A critical part of the Crown case was the reliance of the Crown upon tower telephone records. According to the Crown Prosecutor, David Morters, these demonstrated conclusively that the Accused was not working at the plaza site on the afternoon of 17 August 2008. However experts called by the Crown conceded that this was a real possibility that having regard to the configuration of the towers at Alice Springs, mobile phone calls could be received which could not conclusively establish where the call had emanated from. This fact was always known to investigating Police and the Crown Prosecutor. Remarkably, investigating Police did not seek to obtain critical phone tower records relating to Peter Murphy’s phone nor other witnesses who were working with Adam Filippone on the 17th of August 2008. These records were in existence up until approximately 2015 and despite the investigations being ongoing for many years, Police conveniently took no steps to obtain these vital records.

Adam Filippone’s wife Donna gave evidence. The Jury deliberated after lengthy directions by Justice Blokland and after approximately a day and a half returned their verdicts of not guilty as to each of the charges.


NTNews – Adam Filippone found not guilty of murder of Peter Wayne Murphy in Alice Springs Supreme Court

News.com – Adam Filippone found not guilty of murder of Peter Wayne Murphy in Alice Springs Supreme Court

R v Reynolds and Small [2010] NSWSC 691

On the night of 30 April 2008 a group of friends attended the Commonwealth Hotel in Balmain to celebrate before the pub was handed to a new owner the next day. After the celebrations 14 people in various states of intoxication boarded a working boat to travel from Balmain to Watson’s Bay in order to deliver some keys to some people.

Mr Reynolds was the ‘skipper’ in charge of navigating the boat, though he handed the boat to Mr Small to navigate. Mr Small was heavily intoxicated and unfamiliar with navigating vessels. Tragically, he crashed the boat into another vessel on the harbour which resulted in 6 deaths.

Mr Walsh acted for Mr Small at trial and sentencing. Mr Small was convicted of 6 counts of dangerous navigation resulting in death and after considering the special circumstances raised by Mr Walsh and Counsel he was sentenced to a reduced sentence of 7 and a half years with a non-parole period of 5 years.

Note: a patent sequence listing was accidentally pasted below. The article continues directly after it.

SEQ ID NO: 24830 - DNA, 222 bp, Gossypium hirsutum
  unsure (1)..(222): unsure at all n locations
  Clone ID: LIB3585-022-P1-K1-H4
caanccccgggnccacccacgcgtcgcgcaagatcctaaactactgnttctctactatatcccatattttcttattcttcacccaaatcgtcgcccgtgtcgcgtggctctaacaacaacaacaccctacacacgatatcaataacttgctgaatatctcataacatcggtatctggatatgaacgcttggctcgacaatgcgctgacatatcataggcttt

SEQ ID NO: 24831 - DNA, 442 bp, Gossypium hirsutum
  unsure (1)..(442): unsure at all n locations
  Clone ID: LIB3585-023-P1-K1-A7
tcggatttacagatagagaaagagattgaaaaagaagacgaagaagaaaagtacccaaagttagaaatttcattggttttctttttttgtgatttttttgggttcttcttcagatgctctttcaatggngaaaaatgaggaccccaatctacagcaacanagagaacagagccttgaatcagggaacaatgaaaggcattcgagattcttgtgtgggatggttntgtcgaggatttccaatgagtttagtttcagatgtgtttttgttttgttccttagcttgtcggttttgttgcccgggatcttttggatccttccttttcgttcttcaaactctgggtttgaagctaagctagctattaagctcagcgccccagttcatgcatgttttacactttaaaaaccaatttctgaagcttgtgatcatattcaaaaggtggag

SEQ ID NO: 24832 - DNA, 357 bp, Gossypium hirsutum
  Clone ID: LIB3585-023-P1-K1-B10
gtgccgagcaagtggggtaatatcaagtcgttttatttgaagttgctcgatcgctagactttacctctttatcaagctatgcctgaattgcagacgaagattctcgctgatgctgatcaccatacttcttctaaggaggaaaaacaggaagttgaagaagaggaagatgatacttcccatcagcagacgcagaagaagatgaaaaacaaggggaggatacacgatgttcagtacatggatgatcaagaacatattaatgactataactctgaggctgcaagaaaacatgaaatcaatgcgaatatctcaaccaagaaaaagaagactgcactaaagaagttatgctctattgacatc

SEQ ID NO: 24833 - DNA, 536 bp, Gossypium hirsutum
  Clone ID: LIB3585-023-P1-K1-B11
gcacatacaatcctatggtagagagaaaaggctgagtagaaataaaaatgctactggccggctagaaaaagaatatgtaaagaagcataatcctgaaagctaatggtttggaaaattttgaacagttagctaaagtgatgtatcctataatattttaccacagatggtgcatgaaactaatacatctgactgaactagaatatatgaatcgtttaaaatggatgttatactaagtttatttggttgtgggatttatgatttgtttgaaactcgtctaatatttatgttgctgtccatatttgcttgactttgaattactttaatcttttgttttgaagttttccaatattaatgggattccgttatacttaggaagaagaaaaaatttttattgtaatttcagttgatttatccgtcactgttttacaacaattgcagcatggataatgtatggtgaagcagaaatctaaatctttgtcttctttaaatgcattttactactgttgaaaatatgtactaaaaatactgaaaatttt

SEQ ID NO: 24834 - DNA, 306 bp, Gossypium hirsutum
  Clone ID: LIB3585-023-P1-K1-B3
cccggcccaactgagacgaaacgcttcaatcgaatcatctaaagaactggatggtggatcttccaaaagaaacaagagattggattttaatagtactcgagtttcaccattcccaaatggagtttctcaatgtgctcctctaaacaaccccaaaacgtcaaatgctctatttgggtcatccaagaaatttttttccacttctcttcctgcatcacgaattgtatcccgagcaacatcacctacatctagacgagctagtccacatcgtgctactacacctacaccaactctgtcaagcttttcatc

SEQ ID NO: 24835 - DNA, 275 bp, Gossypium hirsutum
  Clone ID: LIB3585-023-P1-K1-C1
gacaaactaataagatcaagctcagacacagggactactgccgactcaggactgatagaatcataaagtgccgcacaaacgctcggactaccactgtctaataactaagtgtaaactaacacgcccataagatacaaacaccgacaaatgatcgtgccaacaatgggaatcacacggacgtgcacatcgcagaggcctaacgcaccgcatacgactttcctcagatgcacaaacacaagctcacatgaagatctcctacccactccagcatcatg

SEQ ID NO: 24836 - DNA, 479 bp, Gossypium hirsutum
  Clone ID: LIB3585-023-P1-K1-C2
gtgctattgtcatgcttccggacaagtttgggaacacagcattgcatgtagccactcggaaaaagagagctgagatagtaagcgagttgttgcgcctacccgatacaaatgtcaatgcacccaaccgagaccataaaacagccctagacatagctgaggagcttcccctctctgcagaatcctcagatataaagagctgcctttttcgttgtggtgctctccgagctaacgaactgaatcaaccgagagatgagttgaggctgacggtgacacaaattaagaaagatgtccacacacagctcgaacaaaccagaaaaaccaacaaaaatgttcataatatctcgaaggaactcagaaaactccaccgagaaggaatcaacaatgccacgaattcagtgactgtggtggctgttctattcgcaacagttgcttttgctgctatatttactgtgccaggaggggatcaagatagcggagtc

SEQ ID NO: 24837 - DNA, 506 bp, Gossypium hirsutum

A full copy of the judgement can be read here

 

R v Mendelow (Unreported) NSWDC per Flannery DCJ

In this matter Greg Walsh appeared for Jason Mendelow who was a security guard employed at the Ivy Nightclub in Sydney.

Jason Mendelow together with Mr Fenukitau and Mr Ntaras pleaded guilty in the Local Court to a charge of assault of Nicholas Barsoum in company and caused him actual bodily harm.

At 1.30am on Sunday 28 August 2011 the victim was celebrating a friend’s birthday at the Ivy Bar.  He was approached by his ex-girlfriend who hit him in the face before turning and walking off.  He grabbed his former girlfriend and was then grabbed by a security guard at the Ivy who told him he should not act that way and he should leave.  He attempted to argue.  The victim emerged from a lift on the ground floor and was followed down Ash Street by two security guards from the Ivy.  He was struck to the side of the face but did not see who had hit him as he was walking from Ash Street into Angel Place.  It was not alleged that Mr Fenukitau had any involvement in the initial assault upon the victim.

The victim spoke to friends on his mobile phone and these friends decided to return to the Ivy via Ash Street to confront the security guards.  The victim walked up to Mr Fenukitau and Mr Fenukitau was struck to the side of his face by the victim which caused a cut to the upper cheek near the eye.  Mr Fenukitau and another security guard then restrained the victim.

Mr Mendelow arrived and held friends of the victim back from approaching Mr Fenukitau and the victim.  Security guards restrained the victim.  The victim was dragged down a flight of stairs by a security guard.  He was picked up and placed on a stool opposite the security office.

Mr Fenukitau who had received some treatment for his eye approached the victim and punched him to the head with his right hand and then walked back to the security office.

Mr Ntaras approached the victim when he was seated on the chair and punched him twice in the groin area.  At this time Mr Mendelow stood opposite the victim with another security guard Mr Hendra.  Mr Hendra walked from the security office and kicked the victim to the head, upper body with his right foot as the victim sat on the stool.  Mr Ntaras then kicked and punched the victim and pulled him forward off the stool before kicking him twice.  Whilst Mr Ntaras was assaulting the victim, Mr Fenukitau walked form the office and approached the victim and punched him.  As the victim hunched over after this punch, Mr Ntaras approached the victim and kneed him twice.

The force of these blows caused the victim to fall off the stool.  As the victim crouched on the ground Mr Mendelow approached him and kicked him in the head with his left foot.

In submissions on behalf of Mr Mendelow, Greg Walsh urged the court to accept that Mr Mendelow’s behaviour was an example of human frailty rather than one of him and veracity.  Mr Mendelow was not actively involved in the incident upstairs and it was submitted that Her Honour could not be satisfied beyond reasonable doubt that Mr Mendelow threw the victim down the stairs.  The victim was acting violently as he was being escorted down the stairs, swearing and threatening security guards.  Her Honour’s principle concern would be what happened in the basement.

The Crown submitted that the conduct involved was of the worst category of offences as Mr Mendelow was employed to uphold the safety and security of patrons and staff.  The offence occurred in the company of co-offenders.